Autori: Wagner, V., Treiber, J., Danihelka, J., Ruprecht, E., Wesche, K., Hensen, I.
Editorial: International Journal of Plant Sciences, 173, p.802-811, 2012.
A common assumption in ecology and evolutionary biology is that genetic diversity declines and differentiation increases toward the edge of a species’ geographic range, where populations tend to be smaller and more isolated. We tested these predictions in a characteristic Eurasian steppe plant, Stipa pennata, by inspecting 230 AFLP bands in 26 populations (345 individuals) along a 3300-km longitudinal gradient from the range core, in Russia, to the range periphery, in central Europe. Overall, our study species showed low genetic diversity within populations (mean proportion of polymorphic bands = 21.2%) and moderately high genetic differentiation among them (mean FST = 0.29). As predicted, genetic diversity declined significantly from the range core to the periphery but was not correlated with population size. Pairwise genetic differentiation was significantly higher among peripheral populations than central populations but did not show a pronounced relationship with geographic distance. Our results indicate that peripheral populations may experience higher genetic drift and lower gene flow than their central counterparts, possibly because of smaller population sizes, spatial isolation, and a more complex landscape structure. In addition, historic range fluctuations and the mixed breeding system could have enhanced the observed patterns in our study species.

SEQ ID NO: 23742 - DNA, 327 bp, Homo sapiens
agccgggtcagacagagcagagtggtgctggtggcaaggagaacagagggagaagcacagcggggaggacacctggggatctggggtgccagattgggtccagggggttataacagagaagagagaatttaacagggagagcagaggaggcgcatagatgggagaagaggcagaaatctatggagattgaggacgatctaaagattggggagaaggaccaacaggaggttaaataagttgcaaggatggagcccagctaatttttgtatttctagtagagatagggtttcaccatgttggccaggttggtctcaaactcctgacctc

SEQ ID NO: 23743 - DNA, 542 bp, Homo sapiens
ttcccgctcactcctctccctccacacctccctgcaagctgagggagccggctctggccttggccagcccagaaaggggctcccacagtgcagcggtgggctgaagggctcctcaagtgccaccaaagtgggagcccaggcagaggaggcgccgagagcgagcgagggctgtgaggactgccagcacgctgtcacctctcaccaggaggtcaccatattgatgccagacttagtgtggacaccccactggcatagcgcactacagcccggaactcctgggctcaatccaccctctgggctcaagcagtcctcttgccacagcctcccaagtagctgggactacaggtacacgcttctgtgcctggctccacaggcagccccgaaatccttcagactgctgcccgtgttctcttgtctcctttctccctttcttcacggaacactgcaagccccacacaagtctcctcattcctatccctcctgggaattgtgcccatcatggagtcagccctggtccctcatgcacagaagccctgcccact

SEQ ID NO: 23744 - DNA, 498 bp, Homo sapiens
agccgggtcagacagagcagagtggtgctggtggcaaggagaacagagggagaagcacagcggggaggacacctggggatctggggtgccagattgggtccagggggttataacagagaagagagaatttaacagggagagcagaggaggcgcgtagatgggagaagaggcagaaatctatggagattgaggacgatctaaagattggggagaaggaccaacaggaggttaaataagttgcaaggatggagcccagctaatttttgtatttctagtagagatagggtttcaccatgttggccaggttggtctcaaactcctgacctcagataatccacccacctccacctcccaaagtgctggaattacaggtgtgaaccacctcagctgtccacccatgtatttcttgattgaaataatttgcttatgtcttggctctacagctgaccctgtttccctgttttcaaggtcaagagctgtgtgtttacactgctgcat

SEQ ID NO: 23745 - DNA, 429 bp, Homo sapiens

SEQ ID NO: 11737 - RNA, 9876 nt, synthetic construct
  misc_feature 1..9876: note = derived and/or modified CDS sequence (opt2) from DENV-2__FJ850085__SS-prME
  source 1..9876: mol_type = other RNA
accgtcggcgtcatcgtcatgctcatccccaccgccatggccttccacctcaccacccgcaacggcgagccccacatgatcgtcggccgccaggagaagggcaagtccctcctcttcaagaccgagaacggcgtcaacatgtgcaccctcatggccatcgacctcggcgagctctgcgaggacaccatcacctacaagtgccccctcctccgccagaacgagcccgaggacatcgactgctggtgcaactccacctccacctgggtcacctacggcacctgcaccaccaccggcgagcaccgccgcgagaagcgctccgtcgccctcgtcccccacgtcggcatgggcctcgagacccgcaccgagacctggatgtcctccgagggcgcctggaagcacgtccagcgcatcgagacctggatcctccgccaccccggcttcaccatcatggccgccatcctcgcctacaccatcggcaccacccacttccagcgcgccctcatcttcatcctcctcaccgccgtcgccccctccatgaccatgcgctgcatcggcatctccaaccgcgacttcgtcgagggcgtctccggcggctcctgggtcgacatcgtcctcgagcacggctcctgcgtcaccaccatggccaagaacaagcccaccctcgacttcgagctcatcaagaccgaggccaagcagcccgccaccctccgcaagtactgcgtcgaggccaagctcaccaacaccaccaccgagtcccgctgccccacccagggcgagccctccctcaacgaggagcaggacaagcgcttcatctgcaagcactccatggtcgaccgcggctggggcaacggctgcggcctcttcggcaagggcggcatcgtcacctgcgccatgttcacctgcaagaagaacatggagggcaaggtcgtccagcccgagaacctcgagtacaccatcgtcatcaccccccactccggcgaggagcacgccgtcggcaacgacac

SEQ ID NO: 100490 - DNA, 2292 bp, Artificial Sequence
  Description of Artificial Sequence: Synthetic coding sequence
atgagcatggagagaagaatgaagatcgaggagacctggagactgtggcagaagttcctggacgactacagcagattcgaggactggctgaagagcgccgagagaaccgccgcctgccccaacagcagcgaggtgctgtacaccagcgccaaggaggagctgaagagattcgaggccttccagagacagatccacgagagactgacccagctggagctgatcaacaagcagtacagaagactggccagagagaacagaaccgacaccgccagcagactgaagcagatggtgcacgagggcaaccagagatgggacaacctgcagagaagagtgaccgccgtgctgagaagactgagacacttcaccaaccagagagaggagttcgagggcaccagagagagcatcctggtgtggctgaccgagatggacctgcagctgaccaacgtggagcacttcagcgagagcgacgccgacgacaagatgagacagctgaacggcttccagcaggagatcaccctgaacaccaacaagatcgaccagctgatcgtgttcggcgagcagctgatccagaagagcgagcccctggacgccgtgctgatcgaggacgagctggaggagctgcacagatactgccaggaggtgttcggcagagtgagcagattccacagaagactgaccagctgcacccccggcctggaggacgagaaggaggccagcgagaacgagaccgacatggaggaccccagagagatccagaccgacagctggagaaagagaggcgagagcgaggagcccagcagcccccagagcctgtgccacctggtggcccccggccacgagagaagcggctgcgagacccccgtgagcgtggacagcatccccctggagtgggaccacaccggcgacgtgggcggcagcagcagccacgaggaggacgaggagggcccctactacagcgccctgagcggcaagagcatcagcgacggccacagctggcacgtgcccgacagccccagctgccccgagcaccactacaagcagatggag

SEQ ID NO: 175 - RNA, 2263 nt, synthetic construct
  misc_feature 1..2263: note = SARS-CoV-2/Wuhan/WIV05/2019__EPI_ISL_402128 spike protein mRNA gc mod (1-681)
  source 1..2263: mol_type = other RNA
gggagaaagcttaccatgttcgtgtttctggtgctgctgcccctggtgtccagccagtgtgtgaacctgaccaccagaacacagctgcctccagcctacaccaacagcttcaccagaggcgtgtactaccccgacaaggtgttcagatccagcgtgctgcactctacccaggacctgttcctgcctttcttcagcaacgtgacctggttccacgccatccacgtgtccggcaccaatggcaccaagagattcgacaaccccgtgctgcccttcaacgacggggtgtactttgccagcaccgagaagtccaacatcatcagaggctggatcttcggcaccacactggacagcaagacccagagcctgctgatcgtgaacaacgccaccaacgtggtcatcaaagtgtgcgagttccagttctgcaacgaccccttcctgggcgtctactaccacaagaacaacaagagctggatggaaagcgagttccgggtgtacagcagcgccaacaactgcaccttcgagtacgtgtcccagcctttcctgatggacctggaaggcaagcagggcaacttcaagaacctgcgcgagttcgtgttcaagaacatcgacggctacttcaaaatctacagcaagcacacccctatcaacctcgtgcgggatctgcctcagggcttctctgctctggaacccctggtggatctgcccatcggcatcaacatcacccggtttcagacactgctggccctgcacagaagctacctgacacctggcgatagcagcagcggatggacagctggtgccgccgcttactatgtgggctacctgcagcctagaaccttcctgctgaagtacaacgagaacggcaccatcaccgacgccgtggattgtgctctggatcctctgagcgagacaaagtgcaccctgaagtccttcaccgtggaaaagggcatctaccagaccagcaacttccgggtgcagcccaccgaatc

Cuvinte cheie: abundant-center model, AFLP, fragmentation, geographic distribution range, range center